Techniques for identifying defects depend upon the size. Defects greater than 1 micron can be identified using color contrast bright-field (CCBF). Smaller defects require "probing" with different illumination modes. Even then, an unresolved chrome spot cannot be distinguished from a particle. A defect identification procedure is presented in Table 3. It calls for a series of actions and observations. The defect is identified by correlation of the observations with items in Tables 4 and 5.

Defect Sizing

Sizing defect with a photomask inspection station is an approximate function. For defects larger than 1 micron, one significant figure accuracy is obtained. Defects less than 1 micron may be classified either as between micron and 1 micron or less than micron (there is an uncertainty of about a quarter of a micron as to the size of the defect that can be observed in incident bright-field). A procedure for sizing defects is presented in Table 6.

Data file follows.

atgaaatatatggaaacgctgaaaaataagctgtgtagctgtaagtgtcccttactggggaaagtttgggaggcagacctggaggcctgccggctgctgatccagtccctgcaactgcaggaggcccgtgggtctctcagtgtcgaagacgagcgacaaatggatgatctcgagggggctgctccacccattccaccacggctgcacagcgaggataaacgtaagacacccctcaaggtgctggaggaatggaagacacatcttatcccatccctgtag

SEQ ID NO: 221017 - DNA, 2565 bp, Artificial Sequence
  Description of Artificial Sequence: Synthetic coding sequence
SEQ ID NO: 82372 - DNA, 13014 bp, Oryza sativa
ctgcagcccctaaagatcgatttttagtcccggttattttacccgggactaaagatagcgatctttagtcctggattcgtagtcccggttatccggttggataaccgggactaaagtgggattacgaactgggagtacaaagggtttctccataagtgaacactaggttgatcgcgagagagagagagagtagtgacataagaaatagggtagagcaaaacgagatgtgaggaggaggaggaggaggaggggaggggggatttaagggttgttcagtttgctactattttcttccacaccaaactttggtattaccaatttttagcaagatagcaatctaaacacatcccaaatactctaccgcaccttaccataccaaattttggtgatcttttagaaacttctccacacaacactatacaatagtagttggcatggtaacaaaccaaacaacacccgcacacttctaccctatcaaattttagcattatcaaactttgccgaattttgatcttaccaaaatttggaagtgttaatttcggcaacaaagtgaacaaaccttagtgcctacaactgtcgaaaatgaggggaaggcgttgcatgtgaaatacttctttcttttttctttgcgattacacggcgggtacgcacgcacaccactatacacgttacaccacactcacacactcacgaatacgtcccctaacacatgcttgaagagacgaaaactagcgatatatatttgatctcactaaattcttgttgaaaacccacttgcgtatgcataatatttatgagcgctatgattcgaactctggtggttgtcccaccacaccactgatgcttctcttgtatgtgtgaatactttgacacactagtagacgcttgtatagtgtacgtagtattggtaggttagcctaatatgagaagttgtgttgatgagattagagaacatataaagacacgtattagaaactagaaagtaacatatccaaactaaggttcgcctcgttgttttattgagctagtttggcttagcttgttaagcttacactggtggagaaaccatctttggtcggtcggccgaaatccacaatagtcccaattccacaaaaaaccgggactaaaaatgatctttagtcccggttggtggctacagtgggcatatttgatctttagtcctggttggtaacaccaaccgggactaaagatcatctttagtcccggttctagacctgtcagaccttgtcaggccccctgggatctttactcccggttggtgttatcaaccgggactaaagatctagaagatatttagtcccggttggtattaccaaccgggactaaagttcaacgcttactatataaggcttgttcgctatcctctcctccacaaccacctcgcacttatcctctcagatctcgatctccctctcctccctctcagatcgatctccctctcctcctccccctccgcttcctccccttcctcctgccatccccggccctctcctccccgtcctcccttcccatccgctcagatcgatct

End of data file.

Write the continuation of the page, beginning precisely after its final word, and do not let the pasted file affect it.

Defect Location

The coordinates of defects may be determined by their proximity to some known features utilizing the 342-PMI. This, of course is a slow and tedious process. By utilizing the coordinate location functions of the 362-PMI and 382-PMI, exact locations of defects can be logged or recalled for further analysis. Provided that the photomask has been correctly indexed and aligned, these coordinates can easily be recalled for future analysis and relocated utilizing the field of view of the 10X objective.  This accuracy is sufficient to enable a defect to be relocated from specified coordinate or to specify the coordinates of a detected defect.

Table 1: Reticle Scan Procedure

  • Determine if the reticle contains a series of parallel line segments.

  • Load it on the stage with the line segments running parallel to the Y-axis (to and away from the operator).

  • Start in the left-hand corner and traverse the stage away and parallel to the Y-axis.

  • At the end of the scan segment, increment the stage to the left a distance of about 80% of the field of view.

  • Scan the entire field in a similar pattern until the inspection is complete.

Table 2: Defect Detection Procedure

  • Load the reticle.

  • Switch the instrument and both bright-field illuminators on.

  • Remove eyeglasses and focus (note, inspectors with astigmatism may need to wear glasses).